Speak about these questions openly inside the company, acknowledge them as areas that must be better understood. Explain that the journey will begin by looking outside, seeking the best practices and wisdom of others who are further on their journey to understand these subjects. As we often say, “the best experiment to run is one that someone else has already conducted for you.”

Step 3: Make the learning journey a team sport.

In our case, we engaged our top 150 leaders, placed them into three-person “action learning teams,” assigned each team a single question, and challenged them to embark on a learning expedition. They were tasked with observing these trends firsthand and learning from the best wheelmakers. In doing so, they were challenged to run experiments and test their hypotheses along the way. In 2017, our top 150 leaders conducted 500 follow-me-home visits with future-leaning customers, benchmarked and shadowed 225 best practice companies who were further down the learning curve than us, conducted 100 experiments to test their various hypotheses, and did so across five continents. This work was completed in 100 days. It required 50% of the top 150 leaders’ time for the 100 days.

Step 4: Challenge each team to present their conclusions in the Amazon best practice of “six-page narratives.”

Much has been written about the best practice of narratives. We have found them to be transformative. Each team’s final proposal was supported by “facts-per-second,” demonstrating the team remained in love with the problem and not a particular solution by showcasing at least three alternatives they had explored for how the question could be answered. In the narrative, they were asked to explain why they had eliminated the 2nd and 3rd place options before presenting their final recommendation. This approach avoided groupthink and idea “lock-in”, fostering greater creativity and innovation.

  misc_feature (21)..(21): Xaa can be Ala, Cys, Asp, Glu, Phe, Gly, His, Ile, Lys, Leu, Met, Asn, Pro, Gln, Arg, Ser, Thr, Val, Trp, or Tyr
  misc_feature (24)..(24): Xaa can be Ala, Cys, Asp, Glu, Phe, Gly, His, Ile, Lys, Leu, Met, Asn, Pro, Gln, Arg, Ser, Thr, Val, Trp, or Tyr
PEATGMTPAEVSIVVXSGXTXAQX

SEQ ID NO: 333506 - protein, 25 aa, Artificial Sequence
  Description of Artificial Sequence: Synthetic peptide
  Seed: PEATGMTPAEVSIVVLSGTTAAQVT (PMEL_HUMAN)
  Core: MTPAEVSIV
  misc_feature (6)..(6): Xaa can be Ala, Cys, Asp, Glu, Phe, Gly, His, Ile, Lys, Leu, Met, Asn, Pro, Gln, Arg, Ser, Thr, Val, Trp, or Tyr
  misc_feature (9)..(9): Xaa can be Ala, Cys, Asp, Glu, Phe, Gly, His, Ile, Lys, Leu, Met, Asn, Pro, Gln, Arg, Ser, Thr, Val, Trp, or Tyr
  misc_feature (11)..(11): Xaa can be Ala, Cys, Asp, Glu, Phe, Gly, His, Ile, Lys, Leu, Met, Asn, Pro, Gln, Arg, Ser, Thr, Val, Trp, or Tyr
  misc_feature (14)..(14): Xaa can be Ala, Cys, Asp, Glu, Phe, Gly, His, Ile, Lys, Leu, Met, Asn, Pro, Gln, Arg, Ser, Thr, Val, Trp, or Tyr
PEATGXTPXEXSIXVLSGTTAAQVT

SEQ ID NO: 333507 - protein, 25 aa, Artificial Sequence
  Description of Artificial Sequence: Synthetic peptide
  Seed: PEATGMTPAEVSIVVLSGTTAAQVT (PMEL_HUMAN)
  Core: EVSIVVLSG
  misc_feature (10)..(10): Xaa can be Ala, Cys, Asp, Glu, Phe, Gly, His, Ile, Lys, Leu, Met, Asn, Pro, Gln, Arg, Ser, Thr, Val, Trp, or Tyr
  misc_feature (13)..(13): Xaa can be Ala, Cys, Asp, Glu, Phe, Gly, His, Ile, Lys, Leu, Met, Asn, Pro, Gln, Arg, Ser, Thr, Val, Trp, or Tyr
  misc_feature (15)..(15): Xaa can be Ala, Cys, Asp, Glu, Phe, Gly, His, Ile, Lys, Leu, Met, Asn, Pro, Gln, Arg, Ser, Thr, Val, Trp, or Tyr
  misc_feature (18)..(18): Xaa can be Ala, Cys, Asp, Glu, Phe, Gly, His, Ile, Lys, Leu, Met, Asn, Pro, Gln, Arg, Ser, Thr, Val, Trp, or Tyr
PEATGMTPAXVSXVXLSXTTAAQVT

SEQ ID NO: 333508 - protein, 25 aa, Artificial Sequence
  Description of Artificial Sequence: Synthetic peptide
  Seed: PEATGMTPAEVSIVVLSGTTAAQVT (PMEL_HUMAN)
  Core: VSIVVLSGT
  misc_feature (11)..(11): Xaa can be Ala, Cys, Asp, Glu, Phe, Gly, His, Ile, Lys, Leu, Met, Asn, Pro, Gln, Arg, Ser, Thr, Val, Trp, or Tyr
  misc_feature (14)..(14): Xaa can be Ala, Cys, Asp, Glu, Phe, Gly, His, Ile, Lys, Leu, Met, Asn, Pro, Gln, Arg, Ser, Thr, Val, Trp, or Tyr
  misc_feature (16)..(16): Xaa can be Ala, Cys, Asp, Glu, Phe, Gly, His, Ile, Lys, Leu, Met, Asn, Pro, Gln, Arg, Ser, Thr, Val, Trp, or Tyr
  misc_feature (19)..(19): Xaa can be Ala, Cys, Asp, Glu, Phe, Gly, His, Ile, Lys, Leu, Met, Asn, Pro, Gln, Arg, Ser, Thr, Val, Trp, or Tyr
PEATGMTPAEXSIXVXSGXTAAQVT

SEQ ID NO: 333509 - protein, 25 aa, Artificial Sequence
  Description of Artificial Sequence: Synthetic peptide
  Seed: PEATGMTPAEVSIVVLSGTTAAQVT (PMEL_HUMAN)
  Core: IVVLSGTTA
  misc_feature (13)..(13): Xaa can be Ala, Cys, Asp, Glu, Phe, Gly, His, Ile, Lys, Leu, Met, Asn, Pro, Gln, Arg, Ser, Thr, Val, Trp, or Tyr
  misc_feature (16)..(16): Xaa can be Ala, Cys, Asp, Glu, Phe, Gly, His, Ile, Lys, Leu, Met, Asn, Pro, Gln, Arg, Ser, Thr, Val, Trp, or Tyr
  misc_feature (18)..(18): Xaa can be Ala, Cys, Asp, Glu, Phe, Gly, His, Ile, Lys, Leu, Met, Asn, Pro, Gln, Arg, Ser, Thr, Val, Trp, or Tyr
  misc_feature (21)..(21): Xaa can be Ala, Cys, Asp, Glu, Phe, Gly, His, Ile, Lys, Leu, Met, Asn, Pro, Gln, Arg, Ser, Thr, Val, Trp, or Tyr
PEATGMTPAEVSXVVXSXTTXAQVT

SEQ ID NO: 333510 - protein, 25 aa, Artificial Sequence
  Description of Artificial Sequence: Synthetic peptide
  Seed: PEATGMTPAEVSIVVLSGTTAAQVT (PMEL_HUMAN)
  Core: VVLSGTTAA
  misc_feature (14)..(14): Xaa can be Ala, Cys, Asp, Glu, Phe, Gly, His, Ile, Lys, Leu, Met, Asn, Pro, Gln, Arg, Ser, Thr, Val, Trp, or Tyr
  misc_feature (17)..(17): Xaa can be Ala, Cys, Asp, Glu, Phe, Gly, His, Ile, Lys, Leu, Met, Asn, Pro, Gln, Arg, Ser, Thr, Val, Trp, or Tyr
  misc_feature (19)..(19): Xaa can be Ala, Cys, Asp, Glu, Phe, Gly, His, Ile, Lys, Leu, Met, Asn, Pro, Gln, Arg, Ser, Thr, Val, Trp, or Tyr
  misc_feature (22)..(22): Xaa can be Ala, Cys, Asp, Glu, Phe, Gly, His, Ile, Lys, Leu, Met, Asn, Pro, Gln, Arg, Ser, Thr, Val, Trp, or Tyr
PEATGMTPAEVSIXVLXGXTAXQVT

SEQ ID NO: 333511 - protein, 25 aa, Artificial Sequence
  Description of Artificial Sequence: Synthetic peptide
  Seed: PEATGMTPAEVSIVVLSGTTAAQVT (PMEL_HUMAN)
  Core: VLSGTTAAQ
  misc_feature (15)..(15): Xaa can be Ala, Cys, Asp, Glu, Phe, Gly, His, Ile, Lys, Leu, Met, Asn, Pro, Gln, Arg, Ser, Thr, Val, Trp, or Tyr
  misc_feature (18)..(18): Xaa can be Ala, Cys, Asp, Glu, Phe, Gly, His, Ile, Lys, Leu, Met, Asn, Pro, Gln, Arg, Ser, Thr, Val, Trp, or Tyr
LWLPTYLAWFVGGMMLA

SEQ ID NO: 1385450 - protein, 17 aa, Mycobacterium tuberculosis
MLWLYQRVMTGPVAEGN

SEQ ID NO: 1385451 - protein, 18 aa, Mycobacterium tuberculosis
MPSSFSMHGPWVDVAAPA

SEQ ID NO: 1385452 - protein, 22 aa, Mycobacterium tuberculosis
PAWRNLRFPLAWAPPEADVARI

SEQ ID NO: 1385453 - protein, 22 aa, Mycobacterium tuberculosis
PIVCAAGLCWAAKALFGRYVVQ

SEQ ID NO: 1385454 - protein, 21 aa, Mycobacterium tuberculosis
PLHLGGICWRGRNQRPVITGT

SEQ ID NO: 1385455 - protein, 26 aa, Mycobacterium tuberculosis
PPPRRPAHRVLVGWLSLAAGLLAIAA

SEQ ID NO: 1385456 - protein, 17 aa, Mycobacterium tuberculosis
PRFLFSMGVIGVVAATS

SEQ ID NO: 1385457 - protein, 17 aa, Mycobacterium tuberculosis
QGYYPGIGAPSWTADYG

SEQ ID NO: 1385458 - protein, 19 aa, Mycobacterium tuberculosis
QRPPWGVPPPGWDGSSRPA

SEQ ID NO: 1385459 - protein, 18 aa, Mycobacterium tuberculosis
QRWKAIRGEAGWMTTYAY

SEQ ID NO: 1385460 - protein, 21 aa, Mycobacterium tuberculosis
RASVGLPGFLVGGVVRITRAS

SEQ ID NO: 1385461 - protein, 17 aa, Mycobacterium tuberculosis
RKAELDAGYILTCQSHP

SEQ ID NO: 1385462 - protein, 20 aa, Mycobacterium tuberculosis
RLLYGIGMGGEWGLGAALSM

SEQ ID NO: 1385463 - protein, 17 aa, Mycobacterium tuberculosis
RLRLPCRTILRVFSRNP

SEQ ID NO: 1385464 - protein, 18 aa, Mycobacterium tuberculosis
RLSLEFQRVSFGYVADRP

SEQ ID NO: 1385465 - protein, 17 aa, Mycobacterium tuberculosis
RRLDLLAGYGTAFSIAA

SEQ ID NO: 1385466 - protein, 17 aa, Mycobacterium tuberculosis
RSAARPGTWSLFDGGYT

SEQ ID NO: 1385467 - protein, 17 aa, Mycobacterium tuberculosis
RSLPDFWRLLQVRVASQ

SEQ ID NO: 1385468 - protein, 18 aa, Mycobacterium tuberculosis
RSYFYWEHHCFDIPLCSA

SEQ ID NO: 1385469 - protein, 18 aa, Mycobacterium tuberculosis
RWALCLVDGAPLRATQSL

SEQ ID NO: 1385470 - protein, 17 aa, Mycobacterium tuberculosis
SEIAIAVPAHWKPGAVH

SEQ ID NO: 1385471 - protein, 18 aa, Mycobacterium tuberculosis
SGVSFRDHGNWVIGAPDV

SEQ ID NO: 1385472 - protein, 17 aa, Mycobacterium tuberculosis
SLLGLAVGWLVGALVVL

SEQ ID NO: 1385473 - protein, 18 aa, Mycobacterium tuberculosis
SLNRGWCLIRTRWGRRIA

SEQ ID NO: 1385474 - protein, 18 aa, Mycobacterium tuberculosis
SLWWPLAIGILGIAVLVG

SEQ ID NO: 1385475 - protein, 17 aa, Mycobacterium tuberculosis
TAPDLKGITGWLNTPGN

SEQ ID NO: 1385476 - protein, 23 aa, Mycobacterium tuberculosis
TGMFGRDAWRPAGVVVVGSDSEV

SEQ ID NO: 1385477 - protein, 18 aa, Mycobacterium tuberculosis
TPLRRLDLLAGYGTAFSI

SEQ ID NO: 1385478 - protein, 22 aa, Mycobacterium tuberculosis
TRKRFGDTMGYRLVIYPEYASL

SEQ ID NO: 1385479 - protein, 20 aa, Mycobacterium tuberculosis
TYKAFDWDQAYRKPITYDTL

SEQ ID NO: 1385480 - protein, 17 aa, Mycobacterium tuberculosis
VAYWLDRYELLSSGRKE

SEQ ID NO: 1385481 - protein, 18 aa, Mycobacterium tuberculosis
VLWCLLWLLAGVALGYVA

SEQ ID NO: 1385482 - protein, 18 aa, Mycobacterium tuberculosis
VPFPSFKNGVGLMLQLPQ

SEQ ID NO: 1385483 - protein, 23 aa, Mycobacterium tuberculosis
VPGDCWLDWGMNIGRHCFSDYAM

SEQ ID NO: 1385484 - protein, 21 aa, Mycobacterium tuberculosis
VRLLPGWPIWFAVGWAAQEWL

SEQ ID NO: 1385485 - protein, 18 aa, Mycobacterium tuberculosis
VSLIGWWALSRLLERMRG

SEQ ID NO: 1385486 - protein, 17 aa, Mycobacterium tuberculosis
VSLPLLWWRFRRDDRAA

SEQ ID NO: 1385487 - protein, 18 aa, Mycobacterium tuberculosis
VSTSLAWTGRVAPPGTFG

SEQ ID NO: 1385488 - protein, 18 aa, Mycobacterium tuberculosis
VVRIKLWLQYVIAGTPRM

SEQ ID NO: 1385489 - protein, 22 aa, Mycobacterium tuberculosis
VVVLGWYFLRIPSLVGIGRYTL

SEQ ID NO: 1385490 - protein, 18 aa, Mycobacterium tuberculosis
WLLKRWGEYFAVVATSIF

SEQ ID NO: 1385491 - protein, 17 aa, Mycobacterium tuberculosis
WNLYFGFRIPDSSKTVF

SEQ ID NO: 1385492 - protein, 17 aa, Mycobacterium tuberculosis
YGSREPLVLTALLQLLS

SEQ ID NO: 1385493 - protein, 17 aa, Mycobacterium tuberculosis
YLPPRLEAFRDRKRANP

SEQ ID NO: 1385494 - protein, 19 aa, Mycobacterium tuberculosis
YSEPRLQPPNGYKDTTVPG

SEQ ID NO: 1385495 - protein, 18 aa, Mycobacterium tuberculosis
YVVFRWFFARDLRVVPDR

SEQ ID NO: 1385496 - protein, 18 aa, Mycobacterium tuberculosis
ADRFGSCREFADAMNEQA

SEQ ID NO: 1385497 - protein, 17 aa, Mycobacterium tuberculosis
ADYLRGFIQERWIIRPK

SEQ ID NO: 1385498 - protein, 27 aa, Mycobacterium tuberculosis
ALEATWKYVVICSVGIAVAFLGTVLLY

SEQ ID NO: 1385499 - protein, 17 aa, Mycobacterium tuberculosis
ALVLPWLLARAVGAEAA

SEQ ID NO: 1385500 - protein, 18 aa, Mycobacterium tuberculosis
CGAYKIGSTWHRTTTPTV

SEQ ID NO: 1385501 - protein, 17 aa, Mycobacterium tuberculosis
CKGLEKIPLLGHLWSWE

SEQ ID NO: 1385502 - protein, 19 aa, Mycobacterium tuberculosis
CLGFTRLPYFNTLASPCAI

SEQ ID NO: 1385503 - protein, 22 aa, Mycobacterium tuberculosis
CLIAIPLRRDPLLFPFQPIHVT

Step 5: Debate and decide on the final choices as an executive team.

Given the number of leaders you choose to engage, you will often have several teams independently researching the same question. This approach provides a diverse set of options, all supported by a six-page narrative filled with facts-per-second and tangible in-market evidence. To narrow the various options to the critical few, assign each narrative’s pre-reading to your executive leadership team. Have them prepare their questions and prioritize which ideas resonated most and why. Convene a “protagonist/antagonist” working session to tee up each topic, and leaders debate the pros and cons. The team ultimately determines what must be prioritized going forward to capitalize on the future.

The end result has never failed to surprise us. Ultimately, this self-disruptive exercise is merely the beginning of the journey. The next steps require framing the change management journey, reallocating resources, and driving the necessary execution. However, the first step is to reimagine the future and set the course to reinvent yourself along the way. This process has proven invaluable in our company over the years, and I am hopeful it is useful for you as you reflect on similar challenges in your leadership journey.

What best practices have you learned to condition an organization to willingly disrupt itself?